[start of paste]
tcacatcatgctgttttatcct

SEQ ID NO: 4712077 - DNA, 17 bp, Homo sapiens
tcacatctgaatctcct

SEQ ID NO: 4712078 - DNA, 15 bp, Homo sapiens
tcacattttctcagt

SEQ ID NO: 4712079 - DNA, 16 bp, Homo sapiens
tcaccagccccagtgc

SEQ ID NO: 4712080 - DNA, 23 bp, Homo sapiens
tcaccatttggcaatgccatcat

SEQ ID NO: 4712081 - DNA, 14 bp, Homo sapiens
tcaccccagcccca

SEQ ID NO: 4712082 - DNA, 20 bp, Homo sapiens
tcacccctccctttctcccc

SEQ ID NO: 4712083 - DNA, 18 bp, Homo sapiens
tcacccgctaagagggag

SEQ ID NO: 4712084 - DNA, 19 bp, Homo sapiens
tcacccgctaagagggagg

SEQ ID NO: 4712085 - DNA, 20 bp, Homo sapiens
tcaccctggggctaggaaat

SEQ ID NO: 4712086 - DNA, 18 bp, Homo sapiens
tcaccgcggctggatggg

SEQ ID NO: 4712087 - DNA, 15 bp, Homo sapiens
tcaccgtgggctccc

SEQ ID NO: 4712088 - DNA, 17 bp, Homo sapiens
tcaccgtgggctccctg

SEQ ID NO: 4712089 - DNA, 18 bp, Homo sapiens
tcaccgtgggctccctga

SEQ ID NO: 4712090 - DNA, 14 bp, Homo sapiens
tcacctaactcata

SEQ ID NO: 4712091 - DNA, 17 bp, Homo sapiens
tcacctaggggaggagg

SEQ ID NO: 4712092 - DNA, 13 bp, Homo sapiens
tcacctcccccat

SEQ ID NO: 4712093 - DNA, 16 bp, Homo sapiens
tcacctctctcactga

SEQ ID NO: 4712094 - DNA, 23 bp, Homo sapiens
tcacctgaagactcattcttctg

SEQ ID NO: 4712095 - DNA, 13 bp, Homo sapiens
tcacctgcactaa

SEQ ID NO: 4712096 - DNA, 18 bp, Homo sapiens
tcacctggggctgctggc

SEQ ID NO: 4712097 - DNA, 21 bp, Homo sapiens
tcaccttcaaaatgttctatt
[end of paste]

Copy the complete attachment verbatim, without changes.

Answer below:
tcacatcatgctgttttatcct

SEQ ID NO: 4712077 - DNA, 17 bp, Homo sapiens
tcacatctgaatctcct

SEQ ID NO: 4712078 - DNA, 15 bp, Homo sapiens
tcacattttctcagt

SEQ ID NO: 4712079 - DNA, 16 bp, Homo sapiens
tcaccagccccagtgc

SEQ ID NO: 4712080 - DNA, 23 bp, Homo sapiens
tcaccatttggcaatgccatcat

SEQ ID NO: 4712081 - DNA, 14 bp, Homo sapiens
tcaccccagcccca

SEQ ID NO: 4712082 - DNA, 20 bp, Homo sapiens
tcacccctccctttctcccc

SEQ ID NO: 4712083 - DNA, 18 bp, Homo sapiens
tcacccgctaagagggag

SEQ ID NO: 4712084 - DNA, 19 bp, Homo sapiens
tcacccgctaagagggagg

SEQ ID NO: 4712085 - DNA, 20 bp, Homo sapiens
tcaccctggggctaggaaat

SEQ ID NO: 4712086 - DNA, 18 bp, Homo sapiens
tcaccgcggctggatggg

SEQ ID NO: 4712087 - DNA, 15 bp, Homo sapiens
tcaccgtgggctccc

SEQ ID NO: 4712088 - DNA, 17 bp, Homo sapiens
tcaccgtgggctccctg

SEQ ID NO: 4712089 - DNA, 18 bp, Homo sapiens
tcaccgtgggctccctga

SEQ ID NO: 4712090 - DNA, 14 bp, Homo sapiens
tcacctaactcata

SEQ ID NO: 4712091 - DNA, 17 bp, Homo sapiens
tcacctaggggaggagg

SEQ ID NO: 4712092 - DNA, 13 bp, Homo sapiens
tcacctcccccat

SEQ ID NO: 4712093 - DNA, 16 bp, Homo sapiens
tcacctctctcactga

SEQ ID NO: 4712094 - DNA, 23 bp, Homo sapiens
tcacctgaagactcattcttctg

SEQ ID NO: 4712095 - DNA, 13 bp, Homo sapiens
tcacctgcactaa

SEQ ID NO: 4712096 - DNA, 18 bp, Homo sapiens
tcacctggggctgctggc

SEQ ID NO: 4712097 - DNA, 21 bp, Homo sapiens
tcaccttcaaaatgttctatt